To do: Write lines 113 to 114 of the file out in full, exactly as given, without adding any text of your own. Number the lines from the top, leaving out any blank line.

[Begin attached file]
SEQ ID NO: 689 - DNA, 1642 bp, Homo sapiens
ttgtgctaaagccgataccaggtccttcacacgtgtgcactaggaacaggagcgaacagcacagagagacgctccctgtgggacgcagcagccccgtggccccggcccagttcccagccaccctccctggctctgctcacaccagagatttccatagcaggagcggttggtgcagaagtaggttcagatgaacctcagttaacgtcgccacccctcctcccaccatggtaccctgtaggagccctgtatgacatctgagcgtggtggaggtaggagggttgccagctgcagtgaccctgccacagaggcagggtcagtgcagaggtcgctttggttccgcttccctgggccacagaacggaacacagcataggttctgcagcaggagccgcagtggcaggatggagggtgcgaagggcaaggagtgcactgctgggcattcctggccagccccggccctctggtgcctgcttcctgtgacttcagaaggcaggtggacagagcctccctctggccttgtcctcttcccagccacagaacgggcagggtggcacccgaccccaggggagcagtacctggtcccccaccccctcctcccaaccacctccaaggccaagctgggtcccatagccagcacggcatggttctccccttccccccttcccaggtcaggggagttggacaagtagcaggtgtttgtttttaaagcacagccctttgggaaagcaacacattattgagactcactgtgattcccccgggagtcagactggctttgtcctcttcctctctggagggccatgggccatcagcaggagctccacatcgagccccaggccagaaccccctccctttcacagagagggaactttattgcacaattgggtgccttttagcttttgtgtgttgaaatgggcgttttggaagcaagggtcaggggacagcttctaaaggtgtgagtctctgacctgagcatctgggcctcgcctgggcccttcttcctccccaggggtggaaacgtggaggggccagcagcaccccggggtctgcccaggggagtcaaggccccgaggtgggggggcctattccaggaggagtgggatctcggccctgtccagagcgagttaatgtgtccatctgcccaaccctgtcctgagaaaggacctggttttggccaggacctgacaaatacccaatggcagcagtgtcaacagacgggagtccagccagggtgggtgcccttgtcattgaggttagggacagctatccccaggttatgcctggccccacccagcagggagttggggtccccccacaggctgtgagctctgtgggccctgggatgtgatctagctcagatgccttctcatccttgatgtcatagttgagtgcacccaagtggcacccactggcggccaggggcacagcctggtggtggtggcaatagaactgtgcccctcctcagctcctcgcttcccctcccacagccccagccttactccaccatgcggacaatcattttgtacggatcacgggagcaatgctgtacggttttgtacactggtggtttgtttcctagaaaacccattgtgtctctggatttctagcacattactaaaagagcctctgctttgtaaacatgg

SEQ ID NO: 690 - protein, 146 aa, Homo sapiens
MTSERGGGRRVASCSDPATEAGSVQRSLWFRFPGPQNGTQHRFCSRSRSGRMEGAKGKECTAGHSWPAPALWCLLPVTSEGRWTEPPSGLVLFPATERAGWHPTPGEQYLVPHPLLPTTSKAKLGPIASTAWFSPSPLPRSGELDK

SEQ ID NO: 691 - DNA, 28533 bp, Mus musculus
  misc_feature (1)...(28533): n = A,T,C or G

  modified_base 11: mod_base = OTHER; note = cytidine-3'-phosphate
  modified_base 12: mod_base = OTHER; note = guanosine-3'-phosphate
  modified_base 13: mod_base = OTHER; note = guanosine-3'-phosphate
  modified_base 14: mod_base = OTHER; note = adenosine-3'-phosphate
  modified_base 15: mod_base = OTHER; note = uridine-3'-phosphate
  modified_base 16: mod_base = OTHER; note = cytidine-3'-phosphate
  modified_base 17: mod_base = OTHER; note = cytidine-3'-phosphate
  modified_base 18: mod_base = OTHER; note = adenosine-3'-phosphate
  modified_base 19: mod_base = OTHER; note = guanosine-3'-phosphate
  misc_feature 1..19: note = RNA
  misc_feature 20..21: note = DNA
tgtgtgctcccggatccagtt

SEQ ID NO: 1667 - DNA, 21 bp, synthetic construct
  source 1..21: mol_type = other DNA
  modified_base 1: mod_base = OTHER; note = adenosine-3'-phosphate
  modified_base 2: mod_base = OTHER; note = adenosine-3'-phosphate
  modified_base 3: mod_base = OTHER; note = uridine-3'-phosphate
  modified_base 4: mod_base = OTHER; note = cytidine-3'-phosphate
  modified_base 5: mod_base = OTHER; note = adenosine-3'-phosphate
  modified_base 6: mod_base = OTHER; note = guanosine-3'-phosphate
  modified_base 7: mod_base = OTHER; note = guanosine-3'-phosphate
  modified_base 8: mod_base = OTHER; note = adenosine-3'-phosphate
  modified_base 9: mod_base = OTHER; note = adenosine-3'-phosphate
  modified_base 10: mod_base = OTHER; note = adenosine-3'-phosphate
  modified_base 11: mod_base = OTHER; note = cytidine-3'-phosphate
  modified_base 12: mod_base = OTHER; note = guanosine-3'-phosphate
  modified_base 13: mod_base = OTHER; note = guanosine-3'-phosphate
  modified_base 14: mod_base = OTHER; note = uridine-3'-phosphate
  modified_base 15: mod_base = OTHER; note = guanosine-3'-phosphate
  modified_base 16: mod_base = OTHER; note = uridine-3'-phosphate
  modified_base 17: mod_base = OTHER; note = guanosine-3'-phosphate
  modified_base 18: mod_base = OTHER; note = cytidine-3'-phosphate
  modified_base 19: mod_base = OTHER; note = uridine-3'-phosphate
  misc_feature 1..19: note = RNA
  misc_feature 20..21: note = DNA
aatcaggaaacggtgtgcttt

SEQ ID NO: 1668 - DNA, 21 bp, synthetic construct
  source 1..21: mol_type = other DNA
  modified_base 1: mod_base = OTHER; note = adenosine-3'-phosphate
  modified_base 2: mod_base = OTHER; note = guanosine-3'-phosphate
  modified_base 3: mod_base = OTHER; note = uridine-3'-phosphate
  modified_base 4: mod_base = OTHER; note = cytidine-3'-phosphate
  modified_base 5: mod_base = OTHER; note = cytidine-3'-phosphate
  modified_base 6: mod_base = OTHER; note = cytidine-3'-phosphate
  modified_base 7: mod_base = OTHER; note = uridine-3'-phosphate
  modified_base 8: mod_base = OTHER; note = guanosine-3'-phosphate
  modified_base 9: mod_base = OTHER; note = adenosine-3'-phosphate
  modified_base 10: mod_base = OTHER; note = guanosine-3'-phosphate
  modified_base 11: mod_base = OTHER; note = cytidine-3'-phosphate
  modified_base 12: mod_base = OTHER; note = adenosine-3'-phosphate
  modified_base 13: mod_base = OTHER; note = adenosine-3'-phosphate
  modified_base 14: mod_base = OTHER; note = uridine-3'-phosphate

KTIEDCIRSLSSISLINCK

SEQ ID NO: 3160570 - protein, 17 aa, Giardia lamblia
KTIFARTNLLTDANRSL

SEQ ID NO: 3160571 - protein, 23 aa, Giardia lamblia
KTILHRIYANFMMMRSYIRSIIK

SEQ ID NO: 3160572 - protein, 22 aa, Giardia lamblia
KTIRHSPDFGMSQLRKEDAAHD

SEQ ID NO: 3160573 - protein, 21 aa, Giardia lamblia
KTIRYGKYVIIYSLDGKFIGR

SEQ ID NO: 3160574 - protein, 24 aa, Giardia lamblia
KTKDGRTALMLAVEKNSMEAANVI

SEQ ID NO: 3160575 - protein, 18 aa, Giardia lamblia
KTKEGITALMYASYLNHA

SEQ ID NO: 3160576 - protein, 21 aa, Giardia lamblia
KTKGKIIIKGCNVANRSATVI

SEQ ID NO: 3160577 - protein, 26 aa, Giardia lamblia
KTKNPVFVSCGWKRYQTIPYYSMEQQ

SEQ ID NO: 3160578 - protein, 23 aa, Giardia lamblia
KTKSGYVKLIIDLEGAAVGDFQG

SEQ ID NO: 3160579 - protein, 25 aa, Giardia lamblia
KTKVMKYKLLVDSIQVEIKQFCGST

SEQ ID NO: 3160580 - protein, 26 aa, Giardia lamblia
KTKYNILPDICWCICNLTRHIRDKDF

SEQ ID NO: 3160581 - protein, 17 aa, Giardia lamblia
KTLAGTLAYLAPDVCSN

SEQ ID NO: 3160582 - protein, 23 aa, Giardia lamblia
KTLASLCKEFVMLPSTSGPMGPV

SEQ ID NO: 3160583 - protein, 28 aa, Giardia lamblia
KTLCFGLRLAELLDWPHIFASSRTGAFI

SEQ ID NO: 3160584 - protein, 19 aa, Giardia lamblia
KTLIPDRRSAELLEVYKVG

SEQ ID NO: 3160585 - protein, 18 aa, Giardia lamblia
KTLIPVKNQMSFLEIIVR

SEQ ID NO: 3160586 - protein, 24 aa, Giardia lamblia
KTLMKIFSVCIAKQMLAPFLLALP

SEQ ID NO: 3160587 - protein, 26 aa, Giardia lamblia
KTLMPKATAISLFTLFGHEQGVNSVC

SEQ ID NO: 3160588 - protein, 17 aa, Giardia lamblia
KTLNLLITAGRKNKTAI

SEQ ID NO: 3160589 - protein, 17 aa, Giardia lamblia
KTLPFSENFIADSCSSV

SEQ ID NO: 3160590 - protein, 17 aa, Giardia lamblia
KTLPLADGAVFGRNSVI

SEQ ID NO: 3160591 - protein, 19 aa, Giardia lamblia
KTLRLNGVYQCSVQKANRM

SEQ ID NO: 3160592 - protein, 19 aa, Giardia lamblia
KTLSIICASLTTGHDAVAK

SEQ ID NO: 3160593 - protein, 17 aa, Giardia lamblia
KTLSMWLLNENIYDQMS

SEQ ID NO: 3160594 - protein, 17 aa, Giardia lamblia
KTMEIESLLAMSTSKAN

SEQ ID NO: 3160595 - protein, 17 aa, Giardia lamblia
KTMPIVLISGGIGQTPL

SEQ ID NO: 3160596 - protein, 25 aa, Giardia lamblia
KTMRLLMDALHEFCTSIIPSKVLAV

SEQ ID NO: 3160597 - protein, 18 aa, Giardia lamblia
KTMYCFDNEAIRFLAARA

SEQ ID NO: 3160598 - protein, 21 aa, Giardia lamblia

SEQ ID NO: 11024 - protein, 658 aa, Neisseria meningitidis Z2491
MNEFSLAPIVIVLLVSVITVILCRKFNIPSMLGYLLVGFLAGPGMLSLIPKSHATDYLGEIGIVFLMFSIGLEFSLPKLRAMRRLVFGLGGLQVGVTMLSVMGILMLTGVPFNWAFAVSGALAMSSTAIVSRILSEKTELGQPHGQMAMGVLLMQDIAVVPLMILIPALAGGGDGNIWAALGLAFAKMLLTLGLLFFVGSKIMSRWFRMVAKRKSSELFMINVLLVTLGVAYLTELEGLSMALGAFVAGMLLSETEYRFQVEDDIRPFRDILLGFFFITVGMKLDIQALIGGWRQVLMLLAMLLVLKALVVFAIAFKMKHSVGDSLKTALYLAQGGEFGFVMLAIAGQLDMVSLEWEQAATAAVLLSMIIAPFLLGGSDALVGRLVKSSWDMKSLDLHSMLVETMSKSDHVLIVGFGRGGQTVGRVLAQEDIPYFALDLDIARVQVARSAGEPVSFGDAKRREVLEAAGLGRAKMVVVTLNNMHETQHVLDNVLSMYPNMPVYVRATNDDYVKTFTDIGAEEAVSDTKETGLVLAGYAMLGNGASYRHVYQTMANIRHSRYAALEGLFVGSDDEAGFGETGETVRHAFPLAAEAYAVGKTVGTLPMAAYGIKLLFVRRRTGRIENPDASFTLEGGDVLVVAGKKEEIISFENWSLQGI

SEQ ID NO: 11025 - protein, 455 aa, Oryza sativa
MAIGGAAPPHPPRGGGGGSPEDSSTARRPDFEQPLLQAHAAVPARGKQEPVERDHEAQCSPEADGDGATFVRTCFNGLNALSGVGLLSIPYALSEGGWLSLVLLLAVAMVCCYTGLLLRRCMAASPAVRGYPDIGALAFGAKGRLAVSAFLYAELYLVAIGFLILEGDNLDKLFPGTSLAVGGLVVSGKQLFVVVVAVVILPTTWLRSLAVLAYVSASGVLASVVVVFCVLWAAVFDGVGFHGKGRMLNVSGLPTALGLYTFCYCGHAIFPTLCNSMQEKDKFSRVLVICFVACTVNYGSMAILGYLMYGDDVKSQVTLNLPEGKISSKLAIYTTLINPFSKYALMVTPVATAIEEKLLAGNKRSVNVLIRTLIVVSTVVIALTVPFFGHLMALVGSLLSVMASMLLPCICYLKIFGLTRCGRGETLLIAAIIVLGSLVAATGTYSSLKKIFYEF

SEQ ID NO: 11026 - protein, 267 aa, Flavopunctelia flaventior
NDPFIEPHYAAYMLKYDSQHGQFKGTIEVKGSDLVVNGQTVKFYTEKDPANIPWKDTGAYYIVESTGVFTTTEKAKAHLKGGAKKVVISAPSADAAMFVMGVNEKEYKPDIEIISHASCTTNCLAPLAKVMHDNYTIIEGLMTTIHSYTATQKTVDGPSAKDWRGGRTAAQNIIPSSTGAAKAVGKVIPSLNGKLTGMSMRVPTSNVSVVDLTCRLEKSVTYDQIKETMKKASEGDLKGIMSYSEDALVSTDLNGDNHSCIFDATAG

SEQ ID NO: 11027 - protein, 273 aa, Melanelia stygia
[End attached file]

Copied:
KTMRLLMDALHEFCTSIIPSKVLAV

SEQ ID NO: 3160597 - protein, 18 aa, Giardia lamblia